EveryGame: status report

I can't believe it's been two years (and a day) since I posted my original writeup outlining the concept of a collaborative database site dedicated to computer and video games. I feel this would be a suitable juncture to give an update on the progress that has been made, other developments that have taken place in the intervening period, and my thoughts on the goals of the eventual site.

The original idea for the site was to create a gaming equivalent of Halliwell's Film Guide (or IMDB) and the Penguin Classical Music Guides, containing accurate reference data, points of historical and trivial interest, and expert criticism about every game in the medium's history. This original design was extended to include a writeup system similar to Everything2 and Community2's model, where an unlimited number of writeups could be contributed to a topic, retaining ownership by the author (differing from the Wiki model). Each game node would become a scrap book of contributions allowing each game to be thoroughly documented, appraised and explored by a variety of voices, with the different writeups being coralled into a navigable form through the use of contextual tags (see Flickr), and possibly some form of Wikipedia-like index creation.

Another idea that was thrown about at this time was the replacement of E2's voting, XP and Content Editors power structure with an alternative based on trust metrics, whereby editing rights and management/housekeeping of certain key nodes would be awarded depending on other users vouching for the applicant's authority on the relevant subjects.

Following the creation of the Everygame writeup and usergroup, there was a flurry of development activity on the part of Fuzzie, based around a new version of the Everything core (ecore) written in Python. This reached the prototype stage and in the process threw up many, many questions about the details of the implementation and the database model that would form the backbone of the system. Some time later, MightyMooQuack took up the gauntlet, setting to work on an implementation of the ideas tabled to date developed in Django, which we are assured is continuing.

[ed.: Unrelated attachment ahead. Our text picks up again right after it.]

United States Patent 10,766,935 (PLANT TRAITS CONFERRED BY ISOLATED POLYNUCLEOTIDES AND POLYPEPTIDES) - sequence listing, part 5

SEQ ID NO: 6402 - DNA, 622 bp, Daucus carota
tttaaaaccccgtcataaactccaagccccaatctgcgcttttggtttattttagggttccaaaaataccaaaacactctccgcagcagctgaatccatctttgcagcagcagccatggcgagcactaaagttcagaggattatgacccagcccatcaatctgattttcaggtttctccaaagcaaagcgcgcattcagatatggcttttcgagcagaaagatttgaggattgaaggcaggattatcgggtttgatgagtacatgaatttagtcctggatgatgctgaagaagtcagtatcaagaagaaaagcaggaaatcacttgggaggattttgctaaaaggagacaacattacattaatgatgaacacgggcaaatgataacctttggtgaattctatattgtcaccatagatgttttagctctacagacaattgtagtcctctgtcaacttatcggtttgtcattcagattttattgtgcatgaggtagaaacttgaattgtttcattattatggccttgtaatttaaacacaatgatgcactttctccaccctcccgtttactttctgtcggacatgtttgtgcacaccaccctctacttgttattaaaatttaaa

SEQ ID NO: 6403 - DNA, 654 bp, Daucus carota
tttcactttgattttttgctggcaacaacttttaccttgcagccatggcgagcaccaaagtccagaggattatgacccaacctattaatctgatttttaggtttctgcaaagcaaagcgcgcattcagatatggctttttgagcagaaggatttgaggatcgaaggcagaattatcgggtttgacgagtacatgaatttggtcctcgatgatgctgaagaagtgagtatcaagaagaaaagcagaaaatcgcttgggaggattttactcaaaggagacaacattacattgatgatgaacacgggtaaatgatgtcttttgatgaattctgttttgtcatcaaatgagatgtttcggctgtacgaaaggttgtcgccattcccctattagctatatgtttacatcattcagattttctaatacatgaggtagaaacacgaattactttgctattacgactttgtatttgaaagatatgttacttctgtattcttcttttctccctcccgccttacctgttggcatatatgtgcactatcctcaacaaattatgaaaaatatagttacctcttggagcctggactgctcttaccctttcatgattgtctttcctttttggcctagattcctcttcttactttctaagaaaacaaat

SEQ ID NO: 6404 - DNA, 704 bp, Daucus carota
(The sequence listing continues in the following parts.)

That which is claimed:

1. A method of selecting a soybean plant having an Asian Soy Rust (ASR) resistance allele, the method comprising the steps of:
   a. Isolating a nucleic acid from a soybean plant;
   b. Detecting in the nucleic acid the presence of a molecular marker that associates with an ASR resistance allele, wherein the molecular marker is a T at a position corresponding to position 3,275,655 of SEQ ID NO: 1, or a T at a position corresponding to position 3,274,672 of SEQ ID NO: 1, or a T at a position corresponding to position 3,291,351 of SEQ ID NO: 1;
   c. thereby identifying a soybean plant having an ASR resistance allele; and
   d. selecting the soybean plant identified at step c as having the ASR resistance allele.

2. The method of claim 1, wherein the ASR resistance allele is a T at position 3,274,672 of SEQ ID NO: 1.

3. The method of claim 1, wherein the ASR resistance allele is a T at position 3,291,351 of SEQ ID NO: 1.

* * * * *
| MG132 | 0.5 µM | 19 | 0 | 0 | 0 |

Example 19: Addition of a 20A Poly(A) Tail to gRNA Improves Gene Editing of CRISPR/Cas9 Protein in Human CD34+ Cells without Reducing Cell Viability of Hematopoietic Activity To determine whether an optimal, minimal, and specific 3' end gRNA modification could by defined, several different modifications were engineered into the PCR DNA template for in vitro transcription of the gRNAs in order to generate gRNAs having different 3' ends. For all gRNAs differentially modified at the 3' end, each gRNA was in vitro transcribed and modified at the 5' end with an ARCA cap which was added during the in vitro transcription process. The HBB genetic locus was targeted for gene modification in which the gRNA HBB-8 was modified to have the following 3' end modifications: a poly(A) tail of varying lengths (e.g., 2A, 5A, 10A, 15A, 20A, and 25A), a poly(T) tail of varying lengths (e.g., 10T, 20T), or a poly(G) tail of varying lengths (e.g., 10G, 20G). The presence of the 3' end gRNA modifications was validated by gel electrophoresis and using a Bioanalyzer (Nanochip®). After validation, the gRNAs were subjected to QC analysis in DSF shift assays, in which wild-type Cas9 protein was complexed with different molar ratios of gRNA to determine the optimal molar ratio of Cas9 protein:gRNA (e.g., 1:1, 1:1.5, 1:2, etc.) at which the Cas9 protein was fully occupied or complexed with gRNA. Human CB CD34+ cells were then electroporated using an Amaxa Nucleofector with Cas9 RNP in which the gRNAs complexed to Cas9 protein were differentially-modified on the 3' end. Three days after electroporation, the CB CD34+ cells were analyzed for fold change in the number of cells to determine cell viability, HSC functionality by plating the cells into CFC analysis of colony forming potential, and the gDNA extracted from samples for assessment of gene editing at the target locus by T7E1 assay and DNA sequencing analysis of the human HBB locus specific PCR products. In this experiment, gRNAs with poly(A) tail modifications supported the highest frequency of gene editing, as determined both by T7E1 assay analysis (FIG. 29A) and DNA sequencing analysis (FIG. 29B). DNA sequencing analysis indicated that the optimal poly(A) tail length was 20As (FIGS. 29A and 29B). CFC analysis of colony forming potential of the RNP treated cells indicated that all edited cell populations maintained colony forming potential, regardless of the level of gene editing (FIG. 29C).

Meanwhile, in the outside world, other projects with similar remits have been founded. Tyagi's Gamerwiki.com site, sparked from a discussion on the rllmuk games discussion forum, has made a fair amount of progress, both aided and hindered by the MediaWiki software. (Adding a new game to the Gamerwiki database is a tricky and longwinded process, and, as with Wikipedia, there are a number of inelegant hacks to try and retrofit specialisation onto the generalised Wiki structure.) It has become something of a running gag that Gamerwiki is collecting the data which will be transfered into Everygame, should it ever appear.

Another project is the much-publicised Game Innovation Database (another Wiki-based site) at Carnegie-Mellon. This is a rather odd (and arguably ill-conceived) project with most of its intended value catering for the academic study of games design rather than critical or reference interest. The content currently present on the site gives a strong impression that it is highly reliant on external sources (Wikipedia, Mobygames, GameFAQs) to provide any solid information about the games covered, being content to mention only the 'innovations' that each game is purported to have introduced. (There is some very dubious reasoning in the site's mission statement which basically says that for some reason it will be important for people designing games in the future to be able to precisely pinpoint the first instance of a game that implemented a particular feature. I have no idea why this should be the case - it does not seem to be necessary for any other creative medium.)